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Majority of Americans expected to stay home for Christmas

Airline passengers News4Jax spoke to say they’ve spent too much time without their loved ones

JACKSONVILLE, Fla. – During what is normally a hallmark travel time, Jacksonville International Airport was noticeably quiet and emptier than is typical for the day before Christmas Eve.

A steady stream of passengers was seen bustling towards the security line but didn’t spend much time waiting to move through the checkpoint Wednesday morning.

Wednesday was expected to be the busiest day for travel to holiday destinations, but analysts are expecting the vast majority of travelers will stay home for the holidays.

RELATED: US holiday travel surges despite outbreak

It’s due mostly to the COVID-19 pandemic and CDC warnings to avoid flying. However, some passengers at JAX said today that life has to continue, even during a pandemic.

“We’ve flown some times during COVID, and I’m good with it. Life’s gotta go on, ya know? We tracked how things were with statistics, and it’s not so bad where we live. We haven’t seen our son for a year, so it’s just time to see him,” passenger Steve Earney, who is heading to Idaho, said.

Another passenger at JAX, Levi Sapp, echoed a similar sentiment-- that it had just been too a time that he has not seen his family. Sapp said he’s making a last-minute flight to Albuquerque to see his brother.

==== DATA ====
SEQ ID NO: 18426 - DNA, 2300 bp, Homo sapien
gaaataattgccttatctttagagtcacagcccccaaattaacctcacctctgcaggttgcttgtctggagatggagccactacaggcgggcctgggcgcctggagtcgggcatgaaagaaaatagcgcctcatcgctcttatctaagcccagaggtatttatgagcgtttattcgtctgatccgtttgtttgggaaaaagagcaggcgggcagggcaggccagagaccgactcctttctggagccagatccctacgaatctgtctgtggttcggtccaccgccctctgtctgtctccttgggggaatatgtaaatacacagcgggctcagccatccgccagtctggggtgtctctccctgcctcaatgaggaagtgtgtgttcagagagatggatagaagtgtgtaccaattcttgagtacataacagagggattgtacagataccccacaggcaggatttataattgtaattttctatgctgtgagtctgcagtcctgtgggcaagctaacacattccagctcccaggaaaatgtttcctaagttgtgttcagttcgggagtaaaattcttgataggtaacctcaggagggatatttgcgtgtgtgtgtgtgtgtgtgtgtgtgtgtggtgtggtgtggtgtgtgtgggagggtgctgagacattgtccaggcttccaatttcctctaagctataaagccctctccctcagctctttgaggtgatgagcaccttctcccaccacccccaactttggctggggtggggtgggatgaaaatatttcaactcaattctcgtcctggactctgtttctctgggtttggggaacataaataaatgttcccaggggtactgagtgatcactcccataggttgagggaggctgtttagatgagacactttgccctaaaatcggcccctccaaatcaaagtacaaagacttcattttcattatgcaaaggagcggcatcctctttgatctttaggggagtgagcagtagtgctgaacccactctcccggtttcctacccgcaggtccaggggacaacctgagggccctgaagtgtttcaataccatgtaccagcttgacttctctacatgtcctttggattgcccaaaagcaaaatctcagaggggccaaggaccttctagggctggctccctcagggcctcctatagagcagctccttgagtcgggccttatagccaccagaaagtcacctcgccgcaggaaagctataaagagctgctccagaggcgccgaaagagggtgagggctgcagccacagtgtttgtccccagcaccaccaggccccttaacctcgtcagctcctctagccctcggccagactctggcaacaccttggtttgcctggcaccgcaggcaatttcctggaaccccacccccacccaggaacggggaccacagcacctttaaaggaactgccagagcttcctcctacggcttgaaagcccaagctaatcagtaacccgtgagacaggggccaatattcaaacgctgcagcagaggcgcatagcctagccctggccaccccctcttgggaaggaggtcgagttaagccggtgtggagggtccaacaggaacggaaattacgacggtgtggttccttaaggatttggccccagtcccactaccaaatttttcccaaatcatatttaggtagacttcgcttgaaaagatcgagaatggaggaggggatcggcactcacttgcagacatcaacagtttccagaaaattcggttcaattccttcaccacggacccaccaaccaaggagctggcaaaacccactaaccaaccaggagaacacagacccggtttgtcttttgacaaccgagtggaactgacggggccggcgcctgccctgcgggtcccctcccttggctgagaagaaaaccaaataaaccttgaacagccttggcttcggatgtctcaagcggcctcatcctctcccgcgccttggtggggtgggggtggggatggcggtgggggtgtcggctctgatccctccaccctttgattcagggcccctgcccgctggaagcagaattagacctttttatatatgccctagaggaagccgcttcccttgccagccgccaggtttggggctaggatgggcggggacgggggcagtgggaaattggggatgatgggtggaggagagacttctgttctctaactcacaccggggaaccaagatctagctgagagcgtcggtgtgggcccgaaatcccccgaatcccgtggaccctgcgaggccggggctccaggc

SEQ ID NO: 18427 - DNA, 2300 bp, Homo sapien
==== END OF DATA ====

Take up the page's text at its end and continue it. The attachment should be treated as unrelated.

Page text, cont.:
“I haven’t seen him in since he went into basic training in March. I learned I was going to be off work about six hours ago and made a phone call and said, ‘Hey, I can come.’ So, I get to go and see him. It’s going to be pretty neat,” he said.

At about 8:30 p.m., JAX told News4Jax that the TSA had screened 5,649 travelers, which is about 52% of the number last year.

Jacob Brown’s family greeted him with hugs at the airport. They hadn’t seen each other in nearly two years.

RELATED: AAA predicts largest travel decline on record for 2020 holidays

“It seemed lighter. Not as congested, actually,” Brown said when asked about flying.

Some travelers, like Antley Fowler, said the airports they traveled from were crowded.

“The line was the longest I’ve ever seen it to check in,” Fowler said after flying in from Denver.

On the roads nationwide, 81 million will drive 50 miles or more. That’s 29% fewer people than in 2019 at 119.3 million.

David Brubacker was driving with his family from Pennsylvania to Vero Beach.

“Its been congested ever since Washington D.C.,” Brubacker said, comparing the traffic to year’s past.

The airline industry will take the biggest hit with a 60% drop in passengers, according to AAA.

If you are flying the CDC recommends booking your ticket for Christmas Eve, Christmas Day, or News Years Day to avoid high-volume times. The agency also says you should distance yourself from others when possible, sanitize your hands frequently, and sanitize chairs and seats.

Masks are required at all airports and by all airlines. The busiest day for return flights is December 26.


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